As per the ‘Welfare State’ definition of our system of governance, the Government is the authority carrying out welfare programs to benefit less privileged sections of our society.
With the entrance of COVID-19 in India, small-scale laborers started losing job opportunities. The Department of Labor in every State felt the deplorable conditions of such laborers, some of whom had traveled far away from home to earn. The Ministry of Labor and Employment had ordered setting up 20 Control Rooms all over India to address the problems of migrant workers arising out of COVID-induced changes in the economy.
Then where is the need for Non-Governmental Organizations?
NGOs exist in this social space to fill up the gaps in welfare that the Public and the Private sector cannot cover-up.
Take an example like last year’s country-wide lockdown in March, which single-handedly put a stop to socializing, traveling, public daily menial jobs, and active availability of essentials. The Government took some time to frame the order of providing essential food items to the poor and needy since a ground analysis on a wide area takes time. In between, several NGOs got contacted by the aggrieved, and they managed to procure, pack and deliver essentials through some non-governmental funding agencies.
Inspired by this initiative, a prominent Bollywood actor arranged to send migrant workers home safely in buses, since train services were limited to special trains under the Government mandate. Many of the migrant workers could not afford a private vehicle to go back home.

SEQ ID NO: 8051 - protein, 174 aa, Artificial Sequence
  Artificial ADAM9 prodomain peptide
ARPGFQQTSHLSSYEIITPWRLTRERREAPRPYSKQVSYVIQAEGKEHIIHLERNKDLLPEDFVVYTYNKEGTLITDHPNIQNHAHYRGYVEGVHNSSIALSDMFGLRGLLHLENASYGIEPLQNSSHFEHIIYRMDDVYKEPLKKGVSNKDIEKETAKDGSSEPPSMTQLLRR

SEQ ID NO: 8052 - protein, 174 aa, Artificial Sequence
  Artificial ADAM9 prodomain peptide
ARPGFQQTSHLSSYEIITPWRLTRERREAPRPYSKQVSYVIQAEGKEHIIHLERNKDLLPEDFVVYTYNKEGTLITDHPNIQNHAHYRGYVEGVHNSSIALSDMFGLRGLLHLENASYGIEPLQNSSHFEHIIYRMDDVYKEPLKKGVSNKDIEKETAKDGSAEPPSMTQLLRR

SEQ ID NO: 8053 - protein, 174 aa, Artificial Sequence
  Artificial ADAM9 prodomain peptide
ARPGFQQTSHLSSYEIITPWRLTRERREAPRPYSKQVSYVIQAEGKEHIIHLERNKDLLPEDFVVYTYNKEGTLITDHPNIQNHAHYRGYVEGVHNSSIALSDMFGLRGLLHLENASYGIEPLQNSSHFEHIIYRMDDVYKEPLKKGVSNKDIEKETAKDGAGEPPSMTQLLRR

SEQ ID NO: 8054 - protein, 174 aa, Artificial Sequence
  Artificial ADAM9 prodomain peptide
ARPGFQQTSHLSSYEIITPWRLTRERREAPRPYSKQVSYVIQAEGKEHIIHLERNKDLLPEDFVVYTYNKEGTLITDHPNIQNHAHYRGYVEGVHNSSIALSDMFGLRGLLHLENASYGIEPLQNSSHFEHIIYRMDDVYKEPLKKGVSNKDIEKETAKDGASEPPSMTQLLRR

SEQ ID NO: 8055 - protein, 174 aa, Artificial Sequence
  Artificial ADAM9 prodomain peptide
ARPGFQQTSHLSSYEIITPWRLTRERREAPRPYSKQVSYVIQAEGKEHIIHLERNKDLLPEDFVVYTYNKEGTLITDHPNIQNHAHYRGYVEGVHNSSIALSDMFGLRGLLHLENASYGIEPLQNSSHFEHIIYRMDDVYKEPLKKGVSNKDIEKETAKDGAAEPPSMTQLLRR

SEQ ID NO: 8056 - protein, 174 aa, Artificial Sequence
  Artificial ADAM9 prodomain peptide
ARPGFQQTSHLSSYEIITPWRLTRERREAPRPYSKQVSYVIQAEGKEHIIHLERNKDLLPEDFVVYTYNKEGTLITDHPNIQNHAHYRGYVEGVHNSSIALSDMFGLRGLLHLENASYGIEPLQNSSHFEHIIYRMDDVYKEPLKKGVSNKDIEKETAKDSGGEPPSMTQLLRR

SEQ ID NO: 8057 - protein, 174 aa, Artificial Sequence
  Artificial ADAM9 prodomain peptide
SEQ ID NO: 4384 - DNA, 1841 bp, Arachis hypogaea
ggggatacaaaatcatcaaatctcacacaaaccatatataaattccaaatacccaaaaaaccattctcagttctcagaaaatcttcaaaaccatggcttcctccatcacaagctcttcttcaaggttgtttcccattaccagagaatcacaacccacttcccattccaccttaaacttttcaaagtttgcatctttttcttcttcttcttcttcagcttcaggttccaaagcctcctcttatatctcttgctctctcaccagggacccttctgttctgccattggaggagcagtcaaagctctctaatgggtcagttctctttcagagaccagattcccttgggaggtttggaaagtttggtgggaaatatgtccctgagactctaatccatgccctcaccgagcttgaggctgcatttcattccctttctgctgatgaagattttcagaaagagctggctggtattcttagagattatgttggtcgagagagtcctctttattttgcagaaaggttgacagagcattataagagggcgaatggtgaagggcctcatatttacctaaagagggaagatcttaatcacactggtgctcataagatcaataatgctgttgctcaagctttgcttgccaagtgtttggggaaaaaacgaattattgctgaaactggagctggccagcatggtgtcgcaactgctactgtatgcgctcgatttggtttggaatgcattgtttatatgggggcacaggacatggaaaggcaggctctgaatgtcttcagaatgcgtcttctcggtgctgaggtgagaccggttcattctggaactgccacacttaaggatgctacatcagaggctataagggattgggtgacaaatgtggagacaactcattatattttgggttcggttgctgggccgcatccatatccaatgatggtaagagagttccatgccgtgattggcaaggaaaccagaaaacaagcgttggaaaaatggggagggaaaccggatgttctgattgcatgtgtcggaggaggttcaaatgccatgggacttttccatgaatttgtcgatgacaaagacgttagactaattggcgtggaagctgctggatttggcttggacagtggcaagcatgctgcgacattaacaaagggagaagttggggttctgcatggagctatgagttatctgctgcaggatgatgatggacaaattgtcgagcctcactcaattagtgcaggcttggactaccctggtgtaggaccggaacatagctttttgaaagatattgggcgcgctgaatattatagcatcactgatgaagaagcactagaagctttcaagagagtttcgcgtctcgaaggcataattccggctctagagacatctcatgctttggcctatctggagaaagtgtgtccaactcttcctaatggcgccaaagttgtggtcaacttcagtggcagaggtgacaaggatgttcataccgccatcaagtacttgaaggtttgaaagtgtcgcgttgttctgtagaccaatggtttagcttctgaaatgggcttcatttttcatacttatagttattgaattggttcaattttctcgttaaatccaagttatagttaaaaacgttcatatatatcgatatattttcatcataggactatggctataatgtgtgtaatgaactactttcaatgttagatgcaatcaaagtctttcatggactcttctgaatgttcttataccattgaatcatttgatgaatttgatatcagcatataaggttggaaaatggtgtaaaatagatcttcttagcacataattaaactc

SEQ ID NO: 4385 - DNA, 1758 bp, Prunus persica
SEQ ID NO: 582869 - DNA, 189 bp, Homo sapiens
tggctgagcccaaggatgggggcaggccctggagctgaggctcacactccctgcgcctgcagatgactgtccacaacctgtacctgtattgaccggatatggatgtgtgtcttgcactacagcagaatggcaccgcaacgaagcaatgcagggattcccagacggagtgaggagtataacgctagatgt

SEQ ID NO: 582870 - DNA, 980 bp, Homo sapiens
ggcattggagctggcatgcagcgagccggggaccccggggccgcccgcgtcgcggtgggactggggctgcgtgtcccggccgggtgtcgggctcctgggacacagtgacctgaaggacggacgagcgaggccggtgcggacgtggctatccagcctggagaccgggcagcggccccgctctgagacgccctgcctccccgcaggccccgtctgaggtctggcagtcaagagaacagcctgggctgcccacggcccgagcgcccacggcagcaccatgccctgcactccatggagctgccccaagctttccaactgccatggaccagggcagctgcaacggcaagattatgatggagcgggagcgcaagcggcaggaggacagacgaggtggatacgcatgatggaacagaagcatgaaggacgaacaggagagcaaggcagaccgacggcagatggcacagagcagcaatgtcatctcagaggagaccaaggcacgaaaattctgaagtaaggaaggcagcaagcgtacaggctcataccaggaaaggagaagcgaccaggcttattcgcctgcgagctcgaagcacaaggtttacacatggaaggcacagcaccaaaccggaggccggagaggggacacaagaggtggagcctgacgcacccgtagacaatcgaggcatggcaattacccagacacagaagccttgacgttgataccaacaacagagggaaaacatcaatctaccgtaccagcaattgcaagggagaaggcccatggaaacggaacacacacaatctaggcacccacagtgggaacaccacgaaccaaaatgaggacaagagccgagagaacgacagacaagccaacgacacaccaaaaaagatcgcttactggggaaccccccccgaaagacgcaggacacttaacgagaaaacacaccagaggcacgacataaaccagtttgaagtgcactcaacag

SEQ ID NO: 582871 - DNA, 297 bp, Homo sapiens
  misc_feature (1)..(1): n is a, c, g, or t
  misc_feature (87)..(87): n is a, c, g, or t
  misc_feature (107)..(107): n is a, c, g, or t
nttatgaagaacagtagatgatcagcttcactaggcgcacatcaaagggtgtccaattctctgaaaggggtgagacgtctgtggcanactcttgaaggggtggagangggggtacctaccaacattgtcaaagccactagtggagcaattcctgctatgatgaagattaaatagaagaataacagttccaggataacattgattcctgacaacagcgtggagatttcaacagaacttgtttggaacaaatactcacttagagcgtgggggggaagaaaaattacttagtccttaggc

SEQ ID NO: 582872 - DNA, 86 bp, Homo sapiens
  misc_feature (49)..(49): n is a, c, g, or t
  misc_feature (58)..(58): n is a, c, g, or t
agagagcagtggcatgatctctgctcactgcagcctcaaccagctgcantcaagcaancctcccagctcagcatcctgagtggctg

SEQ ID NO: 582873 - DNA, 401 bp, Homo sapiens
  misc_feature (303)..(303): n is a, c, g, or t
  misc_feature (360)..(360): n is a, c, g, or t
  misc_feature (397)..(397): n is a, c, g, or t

However, the capacity of an NGO to work in a crisis like this is tapped. More prominent charity organizations are birthed from an idea exclusive of the geographical and situational colors that differentiate. Therefore, they tie-up with smaller, local organizations that are much more inclined to ground realities.
Similarly, the Government frames a policy keeping an aggrieved target group in mind, but it is hard for them to understand the daily nitty-gritty of implementing that policy. However, broader issues like the pressure on healthcare infrastructure were not lost from their plans. The RBI Governor advised State-led banks to maintain a fund liquidity window of Rs. 50,000 crore for healthcare infrastructure and a three-year long-term repo operation of Rs. 10,000 crore for small finance banks which support local communities. The GST Council, Government of India, created a Group of Ministers (GoM) including Ministers from Goa, Maharashtra, Gujarat, Telangana, Uttar Pradesh, and Odisha need to cut GST rates on COVID essentials and submit a report by June 8th, 2021.
During this Pandemic, the Government gradually provided essentials that the NGOs were distributing after assessing the recipients. Additionally, knowing the families face-to-face made them evaluate the situation at a micro-level better, and contemplate additional help, like providing school supplies for children who aren’t equipped for online classes.
Even when it came to oxygen and medicine supplies, NGOs could reach and connect people quickly.
This way, the NGOs have made the Government’s work more accessible by becoming an ingrown channel into the community into which the resources can be poured and distributed equitably.